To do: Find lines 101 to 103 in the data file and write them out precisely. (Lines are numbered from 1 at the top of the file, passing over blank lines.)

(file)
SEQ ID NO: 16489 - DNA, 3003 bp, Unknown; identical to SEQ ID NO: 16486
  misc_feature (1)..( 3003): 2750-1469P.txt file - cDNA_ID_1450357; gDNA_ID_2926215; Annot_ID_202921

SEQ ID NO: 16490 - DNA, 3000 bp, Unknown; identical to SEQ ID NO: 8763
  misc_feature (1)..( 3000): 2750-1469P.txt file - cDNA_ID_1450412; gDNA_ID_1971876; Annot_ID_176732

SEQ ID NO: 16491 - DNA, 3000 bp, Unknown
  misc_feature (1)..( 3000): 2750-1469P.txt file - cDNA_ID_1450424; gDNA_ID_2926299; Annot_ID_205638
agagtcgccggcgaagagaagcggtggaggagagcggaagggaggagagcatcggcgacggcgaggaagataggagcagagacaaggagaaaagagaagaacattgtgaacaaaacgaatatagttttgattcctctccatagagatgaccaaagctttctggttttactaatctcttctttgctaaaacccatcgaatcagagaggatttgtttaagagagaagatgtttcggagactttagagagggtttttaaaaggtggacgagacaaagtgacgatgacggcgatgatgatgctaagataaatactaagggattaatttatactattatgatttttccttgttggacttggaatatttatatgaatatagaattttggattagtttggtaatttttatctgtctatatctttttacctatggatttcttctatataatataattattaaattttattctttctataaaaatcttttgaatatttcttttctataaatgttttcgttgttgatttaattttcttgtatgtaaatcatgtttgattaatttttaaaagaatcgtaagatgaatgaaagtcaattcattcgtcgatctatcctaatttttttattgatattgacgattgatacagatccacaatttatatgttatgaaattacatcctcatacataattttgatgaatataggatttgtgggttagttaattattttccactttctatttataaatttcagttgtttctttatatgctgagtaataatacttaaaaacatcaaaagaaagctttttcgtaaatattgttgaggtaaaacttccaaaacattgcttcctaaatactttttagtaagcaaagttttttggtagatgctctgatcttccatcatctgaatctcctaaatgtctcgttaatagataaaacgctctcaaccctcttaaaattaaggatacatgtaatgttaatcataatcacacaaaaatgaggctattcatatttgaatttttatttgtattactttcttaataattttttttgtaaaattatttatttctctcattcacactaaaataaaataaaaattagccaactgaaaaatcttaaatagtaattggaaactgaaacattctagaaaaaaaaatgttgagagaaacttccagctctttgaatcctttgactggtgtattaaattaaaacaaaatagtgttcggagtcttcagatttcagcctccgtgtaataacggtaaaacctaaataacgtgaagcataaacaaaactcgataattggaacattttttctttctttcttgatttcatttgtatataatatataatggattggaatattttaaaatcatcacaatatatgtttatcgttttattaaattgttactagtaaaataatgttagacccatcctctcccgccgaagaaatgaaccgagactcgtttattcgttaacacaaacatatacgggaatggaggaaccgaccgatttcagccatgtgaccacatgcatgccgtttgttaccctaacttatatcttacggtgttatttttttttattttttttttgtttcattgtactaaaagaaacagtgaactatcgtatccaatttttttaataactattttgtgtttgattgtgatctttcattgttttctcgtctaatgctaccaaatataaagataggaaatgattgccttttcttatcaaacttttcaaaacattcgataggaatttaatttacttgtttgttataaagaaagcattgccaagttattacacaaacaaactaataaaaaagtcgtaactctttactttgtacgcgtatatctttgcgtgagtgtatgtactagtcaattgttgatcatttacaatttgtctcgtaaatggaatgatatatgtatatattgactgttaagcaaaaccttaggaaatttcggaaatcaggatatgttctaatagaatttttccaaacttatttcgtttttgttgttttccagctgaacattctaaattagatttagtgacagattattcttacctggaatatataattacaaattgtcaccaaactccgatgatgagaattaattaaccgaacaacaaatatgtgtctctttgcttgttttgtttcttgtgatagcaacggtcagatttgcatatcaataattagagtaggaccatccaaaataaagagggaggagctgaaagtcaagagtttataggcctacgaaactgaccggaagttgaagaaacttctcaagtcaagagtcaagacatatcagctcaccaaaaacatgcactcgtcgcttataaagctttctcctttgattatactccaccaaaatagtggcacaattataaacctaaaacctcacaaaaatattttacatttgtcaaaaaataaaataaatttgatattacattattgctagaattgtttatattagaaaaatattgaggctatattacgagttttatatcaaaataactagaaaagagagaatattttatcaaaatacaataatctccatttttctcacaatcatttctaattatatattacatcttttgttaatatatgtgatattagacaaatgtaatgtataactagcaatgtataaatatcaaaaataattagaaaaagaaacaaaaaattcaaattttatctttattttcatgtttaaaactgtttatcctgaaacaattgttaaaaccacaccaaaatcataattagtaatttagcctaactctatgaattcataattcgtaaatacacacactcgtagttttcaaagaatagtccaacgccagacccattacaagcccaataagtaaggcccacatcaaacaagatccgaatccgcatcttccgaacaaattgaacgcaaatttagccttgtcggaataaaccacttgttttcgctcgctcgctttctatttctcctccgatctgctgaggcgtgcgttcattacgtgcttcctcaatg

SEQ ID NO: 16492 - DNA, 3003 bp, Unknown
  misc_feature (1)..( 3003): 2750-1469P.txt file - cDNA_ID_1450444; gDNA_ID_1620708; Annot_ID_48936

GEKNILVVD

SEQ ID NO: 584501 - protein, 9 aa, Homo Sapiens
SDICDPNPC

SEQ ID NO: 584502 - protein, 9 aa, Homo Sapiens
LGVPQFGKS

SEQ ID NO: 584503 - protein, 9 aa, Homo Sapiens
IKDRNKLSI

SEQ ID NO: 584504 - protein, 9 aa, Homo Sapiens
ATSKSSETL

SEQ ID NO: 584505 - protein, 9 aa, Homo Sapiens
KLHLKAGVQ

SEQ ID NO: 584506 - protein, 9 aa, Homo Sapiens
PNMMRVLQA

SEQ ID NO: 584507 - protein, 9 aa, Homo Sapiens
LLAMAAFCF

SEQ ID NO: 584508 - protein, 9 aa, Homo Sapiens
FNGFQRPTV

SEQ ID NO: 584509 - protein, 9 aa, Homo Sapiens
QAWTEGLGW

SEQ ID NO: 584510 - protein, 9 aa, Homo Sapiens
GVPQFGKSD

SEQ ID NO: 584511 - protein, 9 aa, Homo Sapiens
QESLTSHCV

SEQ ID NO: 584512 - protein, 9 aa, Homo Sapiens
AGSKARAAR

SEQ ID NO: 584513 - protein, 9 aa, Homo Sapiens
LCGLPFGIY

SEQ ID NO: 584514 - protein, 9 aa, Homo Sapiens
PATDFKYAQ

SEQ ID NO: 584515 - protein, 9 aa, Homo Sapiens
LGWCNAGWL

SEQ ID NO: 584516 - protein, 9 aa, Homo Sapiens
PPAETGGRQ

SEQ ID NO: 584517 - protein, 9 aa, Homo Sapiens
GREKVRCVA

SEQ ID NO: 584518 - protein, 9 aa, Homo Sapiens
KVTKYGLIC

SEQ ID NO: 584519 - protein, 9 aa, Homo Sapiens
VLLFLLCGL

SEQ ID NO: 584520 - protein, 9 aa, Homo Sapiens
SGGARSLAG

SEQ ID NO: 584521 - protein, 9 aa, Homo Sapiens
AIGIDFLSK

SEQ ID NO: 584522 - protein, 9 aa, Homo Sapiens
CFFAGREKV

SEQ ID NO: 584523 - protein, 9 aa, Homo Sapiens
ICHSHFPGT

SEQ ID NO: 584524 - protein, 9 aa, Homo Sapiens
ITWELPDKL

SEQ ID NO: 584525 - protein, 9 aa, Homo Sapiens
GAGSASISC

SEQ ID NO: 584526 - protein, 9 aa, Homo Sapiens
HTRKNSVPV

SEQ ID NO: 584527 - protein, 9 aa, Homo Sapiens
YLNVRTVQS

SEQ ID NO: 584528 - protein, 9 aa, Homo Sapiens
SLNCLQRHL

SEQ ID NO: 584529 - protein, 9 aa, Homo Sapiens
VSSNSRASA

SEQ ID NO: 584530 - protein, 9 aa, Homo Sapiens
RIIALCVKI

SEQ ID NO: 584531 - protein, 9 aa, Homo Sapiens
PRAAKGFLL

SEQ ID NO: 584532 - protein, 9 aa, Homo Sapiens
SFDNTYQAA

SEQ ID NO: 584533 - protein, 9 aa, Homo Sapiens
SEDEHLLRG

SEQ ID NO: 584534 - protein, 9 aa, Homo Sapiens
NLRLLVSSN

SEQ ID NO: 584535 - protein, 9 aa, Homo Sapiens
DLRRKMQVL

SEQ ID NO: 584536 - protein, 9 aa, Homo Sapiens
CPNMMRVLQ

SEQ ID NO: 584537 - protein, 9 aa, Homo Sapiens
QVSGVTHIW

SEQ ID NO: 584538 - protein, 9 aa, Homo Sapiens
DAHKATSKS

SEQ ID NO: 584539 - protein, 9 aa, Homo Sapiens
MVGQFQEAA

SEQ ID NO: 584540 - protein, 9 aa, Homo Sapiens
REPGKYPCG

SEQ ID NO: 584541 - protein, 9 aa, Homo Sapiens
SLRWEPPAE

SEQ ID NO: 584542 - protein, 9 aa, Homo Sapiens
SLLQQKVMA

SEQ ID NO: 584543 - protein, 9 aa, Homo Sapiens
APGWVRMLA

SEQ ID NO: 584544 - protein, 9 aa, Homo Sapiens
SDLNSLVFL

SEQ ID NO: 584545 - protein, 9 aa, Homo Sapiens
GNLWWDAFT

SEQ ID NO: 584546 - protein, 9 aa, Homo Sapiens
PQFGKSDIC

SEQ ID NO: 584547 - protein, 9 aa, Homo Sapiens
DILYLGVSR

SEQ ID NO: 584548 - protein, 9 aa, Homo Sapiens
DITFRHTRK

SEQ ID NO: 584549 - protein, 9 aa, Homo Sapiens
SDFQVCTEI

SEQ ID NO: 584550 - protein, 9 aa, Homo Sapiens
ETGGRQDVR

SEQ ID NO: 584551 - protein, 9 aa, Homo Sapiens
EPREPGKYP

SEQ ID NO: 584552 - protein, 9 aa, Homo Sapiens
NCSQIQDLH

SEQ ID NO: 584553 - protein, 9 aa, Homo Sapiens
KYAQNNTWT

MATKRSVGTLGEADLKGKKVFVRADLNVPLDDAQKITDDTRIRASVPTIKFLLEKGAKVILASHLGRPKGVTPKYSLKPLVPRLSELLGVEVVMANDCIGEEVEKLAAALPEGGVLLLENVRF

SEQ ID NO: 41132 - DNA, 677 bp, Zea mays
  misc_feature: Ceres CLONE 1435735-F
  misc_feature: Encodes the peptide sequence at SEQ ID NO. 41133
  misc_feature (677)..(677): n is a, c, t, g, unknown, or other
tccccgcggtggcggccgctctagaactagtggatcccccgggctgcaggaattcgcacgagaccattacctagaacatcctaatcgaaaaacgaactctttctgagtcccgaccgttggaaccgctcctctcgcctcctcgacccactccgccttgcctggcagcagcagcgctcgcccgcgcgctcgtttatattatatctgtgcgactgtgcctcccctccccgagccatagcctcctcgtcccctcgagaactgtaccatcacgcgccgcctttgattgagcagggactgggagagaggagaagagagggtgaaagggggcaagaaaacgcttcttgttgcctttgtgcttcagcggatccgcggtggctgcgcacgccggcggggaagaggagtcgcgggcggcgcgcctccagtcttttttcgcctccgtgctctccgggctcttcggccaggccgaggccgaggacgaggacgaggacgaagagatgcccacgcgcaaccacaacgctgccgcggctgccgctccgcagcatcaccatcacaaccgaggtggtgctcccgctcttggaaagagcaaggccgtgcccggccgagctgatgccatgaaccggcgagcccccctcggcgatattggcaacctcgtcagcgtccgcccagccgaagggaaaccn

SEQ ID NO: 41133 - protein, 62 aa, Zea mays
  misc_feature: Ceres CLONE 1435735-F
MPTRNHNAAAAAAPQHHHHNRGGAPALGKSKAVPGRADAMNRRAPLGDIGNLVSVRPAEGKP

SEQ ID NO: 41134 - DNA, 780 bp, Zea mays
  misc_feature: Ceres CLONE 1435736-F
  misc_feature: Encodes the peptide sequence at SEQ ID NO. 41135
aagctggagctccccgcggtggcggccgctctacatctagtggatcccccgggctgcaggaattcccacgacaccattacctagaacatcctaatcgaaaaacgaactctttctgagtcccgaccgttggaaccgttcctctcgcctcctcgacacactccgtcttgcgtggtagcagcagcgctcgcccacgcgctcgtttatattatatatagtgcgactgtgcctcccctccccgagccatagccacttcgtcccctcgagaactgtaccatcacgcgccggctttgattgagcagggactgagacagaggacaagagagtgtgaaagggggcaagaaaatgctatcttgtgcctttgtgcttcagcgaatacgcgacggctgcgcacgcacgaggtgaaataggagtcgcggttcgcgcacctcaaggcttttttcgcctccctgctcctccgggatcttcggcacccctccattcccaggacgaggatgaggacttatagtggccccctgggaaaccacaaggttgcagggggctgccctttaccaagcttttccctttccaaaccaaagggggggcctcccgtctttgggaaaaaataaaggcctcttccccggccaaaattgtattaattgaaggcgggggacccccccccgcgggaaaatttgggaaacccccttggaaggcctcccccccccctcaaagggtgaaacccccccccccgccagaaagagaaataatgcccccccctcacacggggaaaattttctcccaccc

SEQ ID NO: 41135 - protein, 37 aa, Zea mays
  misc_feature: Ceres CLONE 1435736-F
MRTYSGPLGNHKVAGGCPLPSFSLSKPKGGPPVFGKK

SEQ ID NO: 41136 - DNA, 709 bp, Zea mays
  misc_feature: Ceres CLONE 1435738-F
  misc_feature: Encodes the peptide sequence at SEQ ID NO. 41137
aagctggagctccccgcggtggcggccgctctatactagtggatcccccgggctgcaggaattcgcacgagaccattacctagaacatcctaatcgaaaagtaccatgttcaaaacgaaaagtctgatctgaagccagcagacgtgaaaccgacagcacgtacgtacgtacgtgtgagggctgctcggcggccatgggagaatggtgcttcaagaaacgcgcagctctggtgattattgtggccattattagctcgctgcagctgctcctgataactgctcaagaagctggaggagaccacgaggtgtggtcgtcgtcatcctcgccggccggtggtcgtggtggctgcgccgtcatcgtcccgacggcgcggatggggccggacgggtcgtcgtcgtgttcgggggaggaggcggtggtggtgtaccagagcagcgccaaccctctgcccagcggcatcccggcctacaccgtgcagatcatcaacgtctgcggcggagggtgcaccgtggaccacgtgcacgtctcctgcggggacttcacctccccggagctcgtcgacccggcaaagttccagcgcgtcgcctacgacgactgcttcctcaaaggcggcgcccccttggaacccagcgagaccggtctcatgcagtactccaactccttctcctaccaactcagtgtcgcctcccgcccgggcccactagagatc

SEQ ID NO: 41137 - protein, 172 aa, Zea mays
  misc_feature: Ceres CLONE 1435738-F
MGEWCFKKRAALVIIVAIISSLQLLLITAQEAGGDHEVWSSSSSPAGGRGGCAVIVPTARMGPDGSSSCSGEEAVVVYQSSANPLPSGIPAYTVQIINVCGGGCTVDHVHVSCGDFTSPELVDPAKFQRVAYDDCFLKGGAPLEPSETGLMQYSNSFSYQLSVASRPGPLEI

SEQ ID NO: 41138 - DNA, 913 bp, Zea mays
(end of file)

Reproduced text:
SEQ ID NO: 584546 - protein, 9 aa, Homo Sapiens
PQFGKSDIC

SEQ ID NO: 584547 - protein, 9 aa, Homo Sapiens